WASHINGTON — Anonymous campaign cash is as much a fixture of American politics nowadays as yard signs and awkward photos of presidential contenders eating corn dogs. Dark money may have existed well before Citizens United, but that 2010 Supreme Court decision opened the floodgates for untraceable money to soak our elections. It also left voters clueless about who was putting up the hundreds of millions of dollars spent by groups with anodyne names like Priorities USA and Americans for Prosperity.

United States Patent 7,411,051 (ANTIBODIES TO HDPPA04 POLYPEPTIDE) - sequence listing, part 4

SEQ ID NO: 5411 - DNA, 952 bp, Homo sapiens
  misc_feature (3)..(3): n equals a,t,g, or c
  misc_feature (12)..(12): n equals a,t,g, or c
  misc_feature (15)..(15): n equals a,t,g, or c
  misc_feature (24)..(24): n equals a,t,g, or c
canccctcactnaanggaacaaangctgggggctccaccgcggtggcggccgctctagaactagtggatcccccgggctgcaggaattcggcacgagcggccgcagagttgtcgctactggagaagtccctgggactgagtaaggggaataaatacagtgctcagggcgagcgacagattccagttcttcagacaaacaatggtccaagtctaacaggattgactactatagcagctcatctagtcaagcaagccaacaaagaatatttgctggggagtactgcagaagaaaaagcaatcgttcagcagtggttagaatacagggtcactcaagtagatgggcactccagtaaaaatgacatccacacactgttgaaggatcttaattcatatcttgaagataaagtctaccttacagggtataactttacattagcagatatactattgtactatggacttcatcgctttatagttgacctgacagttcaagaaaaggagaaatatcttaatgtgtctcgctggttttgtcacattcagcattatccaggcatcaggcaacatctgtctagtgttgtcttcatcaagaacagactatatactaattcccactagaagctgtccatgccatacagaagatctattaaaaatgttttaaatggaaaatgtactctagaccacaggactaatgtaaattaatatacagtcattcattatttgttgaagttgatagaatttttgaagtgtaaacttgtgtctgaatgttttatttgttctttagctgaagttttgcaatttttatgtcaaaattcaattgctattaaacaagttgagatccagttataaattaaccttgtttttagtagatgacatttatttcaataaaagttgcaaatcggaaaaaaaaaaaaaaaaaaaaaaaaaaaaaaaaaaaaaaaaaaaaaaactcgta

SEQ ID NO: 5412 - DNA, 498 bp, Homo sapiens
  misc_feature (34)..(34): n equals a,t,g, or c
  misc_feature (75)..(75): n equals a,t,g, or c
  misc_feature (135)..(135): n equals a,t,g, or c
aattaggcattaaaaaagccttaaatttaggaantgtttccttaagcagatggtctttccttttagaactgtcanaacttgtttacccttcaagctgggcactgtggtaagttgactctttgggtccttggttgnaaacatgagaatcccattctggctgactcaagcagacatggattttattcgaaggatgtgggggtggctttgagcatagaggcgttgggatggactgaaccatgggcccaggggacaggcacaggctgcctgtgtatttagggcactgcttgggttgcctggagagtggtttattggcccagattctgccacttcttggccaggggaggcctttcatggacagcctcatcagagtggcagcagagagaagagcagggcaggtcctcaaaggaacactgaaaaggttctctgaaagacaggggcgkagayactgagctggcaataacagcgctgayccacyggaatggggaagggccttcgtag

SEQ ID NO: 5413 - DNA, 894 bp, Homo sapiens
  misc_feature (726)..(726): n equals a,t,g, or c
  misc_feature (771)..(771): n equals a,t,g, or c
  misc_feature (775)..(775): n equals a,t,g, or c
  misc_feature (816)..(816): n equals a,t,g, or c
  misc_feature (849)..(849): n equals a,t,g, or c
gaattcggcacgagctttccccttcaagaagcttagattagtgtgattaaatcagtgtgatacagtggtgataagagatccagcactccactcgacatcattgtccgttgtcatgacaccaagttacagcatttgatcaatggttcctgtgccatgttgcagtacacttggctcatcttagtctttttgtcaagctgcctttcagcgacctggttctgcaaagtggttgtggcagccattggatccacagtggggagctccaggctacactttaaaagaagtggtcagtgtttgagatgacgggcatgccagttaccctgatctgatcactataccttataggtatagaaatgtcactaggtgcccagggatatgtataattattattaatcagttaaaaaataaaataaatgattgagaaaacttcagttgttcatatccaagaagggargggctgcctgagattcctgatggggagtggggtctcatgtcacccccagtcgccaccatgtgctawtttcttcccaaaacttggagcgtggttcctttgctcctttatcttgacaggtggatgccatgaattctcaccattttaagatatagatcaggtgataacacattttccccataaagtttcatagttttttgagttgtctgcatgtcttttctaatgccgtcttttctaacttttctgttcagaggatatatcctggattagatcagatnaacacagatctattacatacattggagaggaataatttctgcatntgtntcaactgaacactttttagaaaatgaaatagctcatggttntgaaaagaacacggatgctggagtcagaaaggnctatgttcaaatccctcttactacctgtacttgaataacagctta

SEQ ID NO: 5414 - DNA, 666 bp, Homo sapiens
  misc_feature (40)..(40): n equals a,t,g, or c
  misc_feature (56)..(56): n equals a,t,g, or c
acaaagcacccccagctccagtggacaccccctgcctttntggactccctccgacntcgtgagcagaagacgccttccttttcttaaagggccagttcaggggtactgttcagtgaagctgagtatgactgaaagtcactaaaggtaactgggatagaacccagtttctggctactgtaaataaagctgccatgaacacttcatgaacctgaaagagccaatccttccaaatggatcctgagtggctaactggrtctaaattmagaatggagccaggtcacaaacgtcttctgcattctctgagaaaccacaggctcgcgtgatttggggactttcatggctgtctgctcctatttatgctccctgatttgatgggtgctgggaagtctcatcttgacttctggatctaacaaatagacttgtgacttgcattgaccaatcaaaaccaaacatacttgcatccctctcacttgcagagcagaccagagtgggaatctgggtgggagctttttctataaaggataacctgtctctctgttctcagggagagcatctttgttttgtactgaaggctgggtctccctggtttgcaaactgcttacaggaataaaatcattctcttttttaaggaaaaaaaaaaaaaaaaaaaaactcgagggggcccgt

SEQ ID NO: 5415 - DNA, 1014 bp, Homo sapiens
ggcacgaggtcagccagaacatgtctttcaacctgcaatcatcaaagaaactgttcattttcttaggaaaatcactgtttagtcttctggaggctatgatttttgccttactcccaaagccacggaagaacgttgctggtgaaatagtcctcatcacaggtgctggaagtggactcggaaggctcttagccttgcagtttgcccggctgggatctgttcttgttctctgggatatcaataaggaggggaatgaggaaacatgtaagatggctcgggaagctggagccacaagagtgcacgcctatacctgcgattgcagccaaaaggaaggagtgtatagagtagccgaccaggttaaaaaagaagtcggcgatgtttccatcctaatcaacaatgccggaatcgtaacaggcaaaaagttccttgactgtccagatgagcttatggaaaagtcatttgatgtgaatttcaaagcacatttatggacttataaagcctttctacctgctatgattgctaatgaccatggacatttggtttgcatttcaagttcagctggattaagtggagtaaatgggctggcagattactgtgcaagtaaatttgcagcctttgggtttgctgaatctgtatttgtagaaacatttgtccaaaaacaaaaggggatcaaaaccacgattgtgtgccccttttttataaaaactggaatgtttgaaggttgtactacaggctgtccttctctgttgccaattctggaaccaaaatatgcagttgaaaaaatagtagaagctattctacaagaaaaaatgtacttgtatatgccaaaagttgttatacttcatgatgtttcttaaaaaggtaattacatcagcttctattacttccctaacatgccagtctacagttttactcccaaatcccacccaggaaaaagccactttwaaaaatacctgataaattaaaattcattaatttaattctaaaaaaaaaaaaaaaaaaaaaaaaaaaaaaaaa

One of the most infamous players in the dark-money game was an outfit by the name of Americans for Job Security. Founded by a Republican political operative close to Rick Perry, Americans for Job Security acted like a laundromat for wealthy donors. Instead of giving

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